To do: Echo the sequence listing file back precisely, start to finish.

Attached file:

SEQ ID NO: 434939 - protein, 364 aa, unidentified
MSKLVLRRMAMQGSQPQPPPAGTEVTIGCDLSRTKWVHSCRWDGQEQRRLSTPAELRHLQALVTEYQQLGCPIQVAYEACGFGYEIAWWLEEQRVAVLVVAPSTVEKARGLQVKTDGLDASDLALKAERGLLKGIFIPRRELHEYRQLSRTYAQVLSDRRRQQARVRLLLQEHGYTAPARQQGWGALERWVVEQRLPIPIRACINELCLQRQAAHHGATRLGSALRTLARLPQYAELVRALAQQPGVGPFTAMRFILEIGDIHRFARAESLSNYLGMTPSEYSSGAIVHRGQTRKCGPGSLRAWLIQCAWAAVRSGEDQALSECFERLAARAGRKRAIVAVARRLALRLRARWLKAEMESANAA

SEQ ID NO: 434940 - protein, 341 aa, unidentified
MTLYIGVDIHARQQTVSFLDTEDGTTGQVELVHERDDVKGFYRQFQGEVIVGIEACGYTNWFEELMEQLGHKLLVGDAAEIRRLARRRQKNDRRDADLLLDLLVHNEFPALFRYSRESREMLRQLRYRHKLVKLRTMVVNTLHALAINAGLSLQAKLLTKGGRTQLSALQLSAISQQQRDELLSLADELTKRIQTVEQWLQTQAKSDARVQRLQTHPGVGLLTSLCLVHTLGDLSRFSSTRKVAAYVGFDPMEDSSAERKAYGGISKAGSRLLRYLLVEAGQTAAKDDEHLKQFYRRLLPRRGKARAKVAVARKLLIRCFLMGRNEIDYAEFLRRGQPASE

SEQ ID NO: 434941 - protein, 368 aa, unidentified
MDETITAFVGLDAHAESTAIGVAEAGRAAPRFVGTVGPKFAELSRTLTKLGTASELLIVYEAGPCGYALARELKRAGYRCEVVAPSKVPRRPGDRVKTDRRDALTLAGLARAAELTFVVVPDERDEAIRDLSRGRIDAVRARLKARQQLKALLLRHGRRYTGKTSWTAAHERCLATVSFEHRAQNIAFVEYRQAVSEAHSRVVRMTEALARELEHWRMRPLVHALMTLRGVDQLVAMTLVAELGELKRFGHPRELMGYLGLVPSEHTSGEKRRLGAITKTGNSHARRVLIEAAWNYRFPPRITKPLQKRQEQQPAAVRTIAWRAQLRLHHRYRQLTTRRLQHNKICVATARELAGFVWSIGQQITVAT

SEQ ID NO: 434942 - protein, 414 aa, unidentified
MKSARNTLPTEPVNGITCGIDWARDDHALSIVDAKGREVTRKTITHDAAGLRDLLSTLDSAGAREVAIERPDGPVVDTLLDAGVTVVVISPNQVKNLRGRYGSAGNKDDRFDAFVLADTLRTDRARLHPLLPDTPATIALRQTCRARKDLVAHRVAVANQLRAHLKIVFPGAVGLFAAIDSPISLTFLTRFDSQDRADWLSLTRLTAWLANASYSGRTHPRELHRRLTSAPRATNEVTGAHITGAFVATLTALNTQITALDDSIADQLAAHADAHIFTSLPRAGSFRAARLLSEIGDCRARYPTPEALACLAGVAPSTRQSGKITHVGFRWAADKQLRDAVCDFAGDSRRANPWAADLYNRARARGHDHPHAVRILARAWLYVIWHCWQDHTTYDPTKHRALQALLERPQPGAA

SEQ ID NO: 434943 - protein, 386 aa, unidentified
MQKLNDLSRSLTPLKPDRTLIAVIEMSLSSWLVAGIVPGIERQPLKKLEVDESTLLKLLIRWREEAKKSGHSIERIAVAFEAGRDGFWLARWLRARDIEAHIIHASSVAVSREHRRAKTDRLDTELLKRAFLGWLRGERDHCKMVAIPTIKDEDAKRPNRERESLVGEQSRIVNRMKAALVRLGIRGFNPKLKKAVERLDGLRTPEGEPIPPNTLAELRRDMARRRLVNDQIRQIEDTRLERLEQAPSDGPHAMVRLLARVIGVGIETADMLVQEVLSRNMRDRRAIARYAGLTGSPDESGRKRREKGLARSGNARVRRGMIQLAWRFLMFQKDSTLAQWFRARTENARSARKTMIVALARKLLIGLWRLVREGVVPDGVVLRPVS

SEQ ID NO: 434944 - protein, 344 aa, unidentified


SEQ ID NO: 434939 - protein, 364 aa, unidentified
MSKLVLRRMAMQGSQPQPPPAGTEVTIGCDLSRTKWVHSCRWDGQEQRRLSTPAELRHLQALVTEYQQLGCPIQVAYEACGFGYEIAWWLEEQRVAVLVVAPSTVEKARGLQVKTDGLDASDLALKAERGLLKGIFIPRRELHEYRQLSRTYAQVLSDRRRQQARVRLLLQEHGYTAPARQQGWGALERWVVEQRLPIPIRACINELCLQRQAAHHGATRLGSALRTLARLPQYAELVRALAQQPGVGPFTAMRFILEIGDIHRFARAESLSNYLGMTPSEYSSGAIVHRGQTRKCGPGSLRAWLIQCAWAAVRSGEDQALSECFERLAARAGRKRAIVAVARRLALRLRARWLKAEMESANAA

SEQ ID NO: 434940 - protein, 341 aa, unidentified
MTLYIGVDIHARQQTVSFLDTEDGTTGQVELVHERDDVKGFYRQFQGEVIVGIEACGYTNWFEELMEQLGHKLLVGDAAEIRRLARRRQKNDRRDADLLLDLLVHNEFPALFRYSRESREMLRQLRYRHKLVKLRTMVVNTLHALAINAGLSLQAKLLTKGGRTQLSALQLSAISQQQRDELLSLADELTKRIQTVEQWLQTQAKSDARVQRLQTHPGVGLLTSLCLVHTLGDLSRFSSTRKVAAYVGFDPMEDSSAERKAYGGISKAGSRLLRYLLVEAGQTAAKDDEHLKQFYRRLLPRRGKARAKVAVARKLLIRCFLMGRNEIDYAEFLRRGQPASE

SEQ ID NO: 434941 - protein, 368 aa, unidentified
MDETITAFVGLDAHAESTAIGVAEAGRAAPRFVGTVGPKFAELSRTLTKLGTASELLIVYEAGPCGYALARELKRAGYRCEVVAPSKVPRRPGDRVKTDRRDALTLAGLARAAELTFVVVPDERDEAIRDLSRGRIDAVRARLKARQQLKALLLRHGRRYTGKTSWTAAHERCLATVSFEHRAQNIAFVEYRQAVSEAHSRVVRMTEALARELEHWRMRPLVHALMTLRGVDQLVAMTLVAELGELKRFGHPRELMGYLGLVPSEHTSGEKRRLGAITKTGNSHARRVLIEAAWNYRFPPRITKPLQKRQEQQPAAVRTIAWRAQLRLHHRYRQLTTRRLQHNKICVATARELAGFVWSIGQQITVAT

SEQ ID NO: 434942 - protein, 414 aa, unidentified
MKSARNTLPTEPVNGITCGIDWARDDHALSIVDAKGREVTRKTITHDAAGLRDLLSTLDSAGAREVAIERPDGPVVDTLLDAGVTVVVISPNQVKNLRGRYGSAGNKDDRFDAFVLADTLRTDRARLHPLLPDTPATIALRQTCRARKDLVAHRVAVANQLRAHLKIVFPGAVGLFAAIDSPISLTFLTRFDSQDRADWLSLTRLTAWLANASYSGRTHPRELHRRLTSAPRATNEVTGAHITGAFVATLTALNTQITALDDSIADQLAAHADAHIFTSLPRAGSFRAARLLSEIGDCRARYPTPEALACLAGVAPSTRQSGKITHVGFRWAADKQLRDAVCDFAGDSRRANPWAADLYNRARARGHDHPHAVRILARAWLYVIWHCWQDHTTYDPTKHRALQALLERPQPGAA

SEQ ID NO: 434943 - protein, 386 aa, unidentified
MQKLNDLSRSLTPLKPDRTLIAVIEMSLSSWLVAGIVPGIERQPLKKLEVDESTLLKLLIRWREEAKKSGHSIERIAVAFEAGRDGFWLARWLRARDIEAHIIHASSVAVSREHRRAKTDRLDTELLKRAFLGWLRGERDHCKMVAIPTIKDEDAKRPNRERESLVGEQSRIVNRMKAALVRLGIRGFNPKLKKAVERLDGLRTPEGEPIPPNTLAELRRDMARRRLVNDQIRQIEDTRLERLEQAPSDGPHAMVRLLARVIGVGIETADMLVQEVLSRNMRDRRAIARYAGLTGSPDESGRKRREKGLARSGNARVRRGMIQLAWRFLMFQKDSTLAQWFRARTENARSARKTMIVALARKLLIGLWRLVREGVVPDGVVLRPVS

SEQ ID NO: 434944 - protein, 344 aa, unidentified